The produce ranges from the usual suspects to saffron, biodynamic lamb, white strawberries, Wild Dog gin, local beer and cider, heritage apples and wild caught seafood. The longest line is for scones cooked in onsite ovens, but no one minds because a nearby choir is belting out Bohemian Rhapsody.
Walk (55 minutes) or bike (beware, it’s uphill) to Hogget Kitchen for lunch in a room so bright you’ll need sunnies. Encircled by vineyards, the artisanal butchery and restaurant opened in 2017 and while locals enjoy the view of the Strzlecki Ranges too, the clientele is mainly from Melbourne. Perhaps because chef Trevor Perkins just won a hat in the 2020 Good Food Guide.
Whale trail: the magnificent remoteness of the Light to Light walk
Providers are written on a blackboard, with a shout-out to “mum’s veggie patch”, and with no perceptible pressure to turn around tables everyone seems to be long lunching. After, you can walk past the gnarled vine cuttings used to smoke and cook the meat, past the bush-tucker garden and around the lake.
Getting there: The V/Line to Warragul (Gippsland line) takes 90 minutes.
For artisanal everything: Kyneton
The heritage strip of bluestone buildings on Piper Street, Kyneton, is rather like the IRL version of Ballarat’s 1850s gold rush recreation, Sovereign Hill.
Setting the tone nicely is Lost Trades: The Artisans Store, a place you can grasp the past in your own two hands – and then buy it. Brimming with good shopping for blokes, the store stocks a range of functional items such as knives, axes, leather belts, rocking chairs and horsehair brushes. All made the “old way” by fairly paid master artisans.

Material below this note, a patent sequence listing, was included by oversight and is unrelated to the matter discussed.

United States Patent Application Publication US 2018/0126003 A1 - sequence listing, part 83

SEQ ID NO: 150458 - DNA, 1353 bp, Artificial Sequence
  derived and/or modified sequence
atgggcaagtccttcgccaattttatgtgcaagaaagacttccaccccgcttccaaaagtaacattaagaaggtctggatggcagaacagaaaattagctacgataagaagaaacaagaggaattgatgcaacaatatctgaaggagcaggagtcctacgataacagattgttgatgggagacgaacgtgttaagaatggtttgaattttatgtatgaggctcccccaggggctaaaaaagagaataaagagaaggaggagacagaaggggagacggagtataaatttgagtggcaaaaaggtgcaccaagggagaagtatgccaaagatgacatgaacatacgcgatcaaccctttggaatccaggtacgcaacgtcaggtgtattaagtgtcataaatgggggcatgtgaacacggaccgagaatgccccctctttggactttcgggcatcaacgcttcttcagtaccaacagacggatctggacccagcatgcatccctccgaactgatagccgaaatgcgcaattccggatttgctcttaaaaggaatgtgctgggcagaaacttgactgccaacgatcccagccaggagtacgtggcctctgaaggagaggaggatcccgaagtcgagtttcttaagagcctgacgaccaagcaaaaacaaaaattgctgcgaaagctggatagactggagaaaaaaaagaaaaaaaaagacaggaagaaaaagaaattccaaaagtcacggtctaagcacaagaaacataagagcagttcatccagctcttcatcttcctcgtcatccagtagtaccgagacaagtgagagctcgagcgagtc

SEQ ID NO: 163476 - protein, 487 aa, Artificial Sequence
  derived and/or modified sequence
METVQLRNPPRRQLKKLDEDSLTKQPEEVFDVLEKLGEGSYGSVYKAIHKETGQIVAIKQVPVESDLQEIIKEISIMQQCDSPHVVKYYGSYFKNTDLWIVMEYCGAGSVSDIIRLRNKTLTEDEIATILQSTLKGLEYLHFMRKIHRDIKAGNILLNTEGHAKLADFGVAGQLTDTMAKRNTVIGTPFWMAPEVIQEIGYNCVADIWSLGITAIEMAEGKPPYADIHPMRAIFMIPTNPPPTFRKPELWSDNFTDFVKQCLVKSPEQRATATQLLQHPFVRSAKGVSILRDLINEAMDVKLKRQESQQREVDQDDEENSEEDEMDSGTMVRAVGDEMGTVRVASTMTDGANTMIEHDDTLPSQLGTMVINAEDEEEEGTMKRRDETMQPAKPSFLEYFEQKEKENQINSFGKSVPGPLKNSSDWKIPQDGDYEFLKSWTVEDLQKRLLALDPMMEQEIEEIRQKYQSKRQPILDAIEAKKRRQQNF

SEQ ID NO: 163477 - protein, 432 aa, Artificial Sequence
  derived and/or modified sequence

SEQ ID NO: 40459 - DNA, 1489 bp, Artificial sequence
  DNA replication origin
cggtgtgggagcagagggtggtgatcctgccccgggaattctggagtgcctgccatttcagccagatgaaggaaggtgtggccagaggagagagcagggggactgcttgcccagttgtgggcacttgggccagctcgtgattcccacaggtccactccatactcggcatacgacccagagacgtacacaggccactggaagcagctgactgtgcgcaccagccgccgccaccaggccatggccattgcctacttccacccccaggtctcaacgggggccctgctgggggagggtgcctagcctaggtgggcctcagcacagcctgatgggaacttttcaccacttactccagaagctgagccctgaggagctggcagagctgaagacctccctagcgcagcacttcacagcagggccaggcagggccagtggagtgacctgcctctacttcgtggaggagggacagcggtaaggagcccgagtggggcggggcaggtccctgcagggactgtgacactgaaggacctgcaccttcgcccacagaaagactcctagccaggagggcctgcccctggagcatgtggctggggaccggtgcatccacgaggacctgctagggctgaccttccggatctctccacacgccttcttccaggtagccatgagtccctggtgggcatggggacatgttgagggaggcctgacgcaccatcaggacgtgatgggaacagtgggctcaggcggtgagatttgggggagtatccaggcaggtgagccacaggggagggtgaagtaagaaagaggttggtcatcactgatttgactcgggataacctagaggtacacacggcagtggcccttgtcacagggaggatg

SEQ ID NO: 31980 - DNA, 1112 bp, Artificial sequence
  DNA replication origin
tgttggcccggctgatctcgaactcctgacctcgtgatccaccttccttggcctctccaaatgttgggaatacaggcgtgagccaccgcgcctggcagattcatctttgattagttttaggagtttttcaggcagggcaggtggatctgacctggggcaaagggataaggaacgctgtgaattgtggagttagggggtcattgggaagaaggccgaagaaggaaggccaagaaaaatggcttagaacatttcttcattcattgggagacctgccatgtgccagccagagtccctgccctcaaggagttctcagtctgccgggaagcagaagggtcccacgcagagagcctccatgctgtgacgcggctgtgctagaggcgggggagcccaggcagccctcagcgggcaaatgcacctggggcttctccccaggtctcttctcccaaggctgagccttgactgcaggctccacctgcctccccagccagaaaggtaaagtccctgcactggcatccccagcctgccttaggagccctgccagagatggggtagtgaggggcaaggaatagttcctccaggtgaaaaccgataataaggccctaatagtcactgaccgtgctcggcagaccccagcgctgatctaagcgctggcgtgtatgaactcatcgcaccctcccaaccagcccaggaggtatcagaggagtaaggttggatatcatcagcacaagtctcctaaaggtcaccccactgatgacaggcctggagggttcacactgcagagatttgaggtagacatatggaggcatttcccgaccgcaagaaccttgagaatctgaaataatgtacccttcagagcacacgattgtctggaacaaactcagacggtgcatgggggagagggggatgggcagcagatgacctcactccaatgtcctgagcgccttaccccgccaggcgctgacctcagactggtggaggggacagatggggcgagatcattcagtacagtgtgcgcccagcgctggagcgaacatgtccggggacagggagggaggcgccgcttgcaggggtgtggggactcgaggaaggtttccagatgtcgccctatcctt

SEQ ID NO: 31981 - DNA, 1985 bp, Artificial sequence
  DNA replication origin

Seated by the window at a table beautified by a native posy, a few hours can be happily spent at the hatted Source Dining, described by the Good Food Guide as mirroring Kyneton’s “mod country” mood, with chef Tim Foster taking inspiration from his mother’s mother.
On the rails: four Australian cycleways built on abandoned train tracks
For a splash of “edgy shit” (says sculptor and co-owner Jason Waterhouse) pop down to the old butter factory Stockroom, now a sprawl of art surprises and Victoria’s largest privately owned contemporary art space. Across the road, Animus Distillery is all natural light, happy houseplants and wickedly good gin. Cocktails are expertly handled by Iceland expat Ziggy, and chilled by long, translucent ice spear care of a boutique hand-cut ice company from Fitzroy.
Return to the station via the towering cedars, oaks and redwoods of the Kyneton Botanical Gardens, one of Victoria’s oldest.
Getting there: The V/Line to Kyneton (Bendigo line) takes around 70 minutes.
For the ‘other’ Mornington Peninsula: Bellarine Peninsula
Propped on the mantelpiece of the Grand Hotel in Portarlington, the town at the tip of Bellarine Peninsula, is an article from an 1886 Geelong Advertiser that describes the area as “splendid beach and seaside walks, bold cliffs, trees, gardens and shady nooks”. Little has changed.
Bar the newish Melbourne ferry. That’s changed everything, with one local saying the Bellarine is due to “take off like the Mornington did” because the ferry has wifi and comfy seats and people can commute.
From the pier, turn right along the esplanade to discover protected beaches for a swim. Or arrange Bella e-bike hire to meet you and head straight for Terindah Estate for a tasting. The road is busy but Terindah’s sparkling wine is worth it. Ten minutes further is The Whiskery – a misleading word, as it’s a gin distillery – with its signature gin Teddy and the Fox. Depending on the season, choose a fire, the gardens or the patio of the old farm shed to linger on with your cocktail.
Getting there: From Harbour Esplanade, walk five minutes to central pier, Docklands. The Port Philip Ferry to Portarlington takes 80 minutes, is wheelchair accessible and has bike racks.
• Guardian Australia was a guest of Visit Victoria.